While acknowledging that “the family plays a significant role in educating children and young people about sexuality” and that parents “prefer to be the source of information on sexuality,” the U.N. guidance contends that “parents or guardians often lack the competencies to provide evidence-based, age-appropriate sexuality education to their children.”

“Parent-focused” approaches to sexuality education are offered as a remedy, where “parents/guardians are educated or trained to provide sexuality education to their own children.”

After listing a variety of scenarios where parents/guardians learn comprehensive sexuality education alongside their children and/or train other parents in such curriculum, the guidance expresses concern that parents “wish their children to conform to prevailing gender norms (which are usually unequal),” stressing that “programmes must therefore help parents/guardians to model more equal gender attitudes and norms.”

“Out-of-school CSE can also include challenging topics and promote a rights-based approach rooted in gender equality and empowerment in a way that may not always be feasible or acceptable in school settings,” the guidance suggests. “Out-of-school programmes may be better able to provide sexual and reproductive health commodities and link children and young people to services, mentors and other forms of support.”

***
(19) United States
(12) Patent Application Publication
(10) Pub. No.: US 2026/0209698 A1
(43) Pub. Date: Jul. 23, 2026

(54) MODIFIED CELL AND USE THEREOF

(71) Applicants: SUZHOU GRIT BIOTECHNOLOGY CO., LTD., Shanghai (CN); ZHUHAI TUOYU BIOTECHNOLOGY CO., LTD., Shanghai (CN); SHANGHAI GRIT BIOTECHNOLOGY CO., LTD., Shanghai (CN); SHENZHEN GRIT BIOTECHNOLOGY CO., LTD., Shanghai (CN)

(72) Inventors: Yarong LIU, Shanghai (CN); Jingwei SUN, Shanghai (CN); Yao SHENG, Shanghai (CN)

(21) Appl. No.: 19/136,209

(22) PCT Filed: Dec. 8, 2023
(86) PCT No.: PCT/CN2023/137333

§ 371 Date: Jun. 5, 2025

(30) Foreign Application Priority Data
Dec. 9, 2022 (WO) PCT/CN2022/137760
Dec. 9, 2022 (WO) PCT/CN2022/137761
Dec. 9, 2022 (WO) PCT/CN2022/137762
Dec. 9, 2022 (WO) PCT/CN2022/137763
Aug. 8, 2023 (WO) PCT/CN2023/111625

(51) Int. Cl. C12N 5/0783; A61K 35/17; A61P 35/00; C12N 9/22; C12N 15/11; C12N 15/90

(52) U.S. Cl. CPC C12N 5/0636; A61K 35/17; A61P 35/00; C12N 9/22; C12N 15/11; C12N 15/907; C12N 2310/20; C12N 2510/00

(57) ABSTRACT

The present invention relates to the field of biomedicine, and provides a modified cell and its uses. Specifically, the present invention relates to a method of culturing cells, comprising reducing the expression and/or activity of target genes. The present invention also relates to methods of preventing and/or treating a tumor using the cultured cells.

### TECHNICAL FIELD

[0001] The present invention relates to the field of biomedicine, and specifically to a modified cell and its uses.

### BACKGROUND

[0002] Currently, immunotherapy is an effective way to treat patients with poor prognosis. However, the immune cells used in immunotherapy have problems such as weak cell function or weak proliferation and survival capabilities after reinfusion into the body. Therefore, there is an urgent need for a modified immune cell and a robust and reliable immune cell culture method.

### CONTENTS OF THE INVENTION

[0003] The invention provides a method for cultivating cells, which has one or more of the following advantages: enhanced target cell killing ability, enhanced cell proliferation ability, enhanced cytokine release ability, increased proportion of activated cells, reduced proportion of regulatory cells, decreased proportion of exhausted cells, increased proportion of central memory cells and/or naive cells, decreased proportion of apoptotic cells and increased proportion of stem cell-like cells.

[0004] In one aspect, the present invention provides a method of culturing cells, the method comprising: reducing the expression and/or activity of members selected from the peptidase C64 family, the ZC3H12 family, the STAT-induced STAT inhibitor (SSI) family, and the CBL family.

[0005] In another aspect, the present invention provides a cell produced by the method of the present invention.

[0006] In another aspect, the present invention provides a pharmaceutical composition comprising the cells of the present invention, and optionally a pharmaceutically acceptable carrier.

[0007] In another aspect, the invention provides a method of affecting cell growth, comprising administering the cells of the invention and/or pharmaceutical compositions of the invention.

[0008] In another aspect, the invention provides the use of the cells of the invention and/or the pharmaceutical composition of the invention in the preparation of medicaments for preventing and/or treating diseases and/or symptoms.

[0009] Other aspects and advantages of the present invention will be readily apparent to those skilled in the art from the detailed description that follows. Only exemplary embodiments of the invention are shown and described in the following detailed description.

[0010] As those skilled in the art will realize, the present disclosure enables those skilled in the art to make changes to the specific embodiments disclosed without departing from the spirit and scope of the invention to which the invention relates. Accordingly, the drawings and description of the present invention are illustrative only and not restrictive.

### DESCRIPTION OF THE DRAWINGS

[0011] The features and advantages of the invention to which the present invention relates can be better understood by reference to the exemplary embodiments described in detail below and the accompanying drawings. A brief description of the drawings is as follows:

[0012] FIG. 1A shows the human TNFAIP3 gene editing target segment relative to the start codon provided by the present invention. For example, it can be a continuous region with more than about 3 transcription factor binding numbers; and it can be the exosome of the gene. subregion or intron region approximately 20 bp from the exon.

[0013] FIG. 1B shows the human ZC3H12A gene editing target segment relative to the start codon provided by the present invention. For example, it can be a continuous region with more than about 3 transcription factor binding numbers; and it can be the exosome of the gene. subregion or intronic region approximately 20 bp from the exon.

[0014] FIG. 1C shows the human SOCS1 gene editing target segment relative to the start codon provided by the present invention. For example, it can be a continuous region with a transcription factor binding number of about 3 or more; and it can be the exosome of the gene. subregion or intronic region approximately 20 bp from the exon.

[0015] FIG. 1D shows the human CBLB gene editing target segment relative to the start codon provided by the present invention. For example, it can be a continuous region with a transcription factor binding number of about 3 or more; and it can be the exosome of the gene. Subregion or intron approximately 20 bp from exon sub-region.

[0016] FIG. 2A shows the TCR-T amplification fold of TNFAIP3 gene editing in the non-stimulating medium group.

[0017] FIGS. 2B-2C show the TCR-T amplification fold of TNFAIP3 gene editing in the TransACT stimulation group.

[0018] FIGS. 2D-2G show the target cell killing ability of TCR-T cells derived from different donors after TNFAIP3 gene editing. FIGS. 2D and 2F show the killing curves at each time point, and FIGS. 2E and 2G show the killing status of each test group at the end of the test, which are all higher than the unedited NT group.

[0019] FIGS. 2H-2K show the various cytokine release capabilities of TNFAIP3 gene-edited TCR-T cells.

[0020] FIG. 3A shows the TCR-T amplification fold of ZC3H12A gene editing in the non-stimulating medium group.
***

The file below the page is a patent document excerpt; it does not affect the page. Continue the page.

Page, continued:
The guidance suggests that out-of-school comprehensive sexuality education can contribute to “broader goals” such as “contributing to policy change” by influencing governments to pass laws ensuring “young people’s access to sexual and reproductive health services.”

When laying out “approaches to teaching and learning” that facilitators can use when teaching, the guidance suggests “critical pedagogy” as an empowerment approach that can “empower children and young people” belonging to “oppressed groups.”

A glossary definition describes “critical pedagogy” as “a teaching approach, based on the work of Brazilian educator Paulo Freire, that guides marginalized or oppressed learners to question and challenge prevailing power dynamics and domination and empowers them to take action to change their own situations.”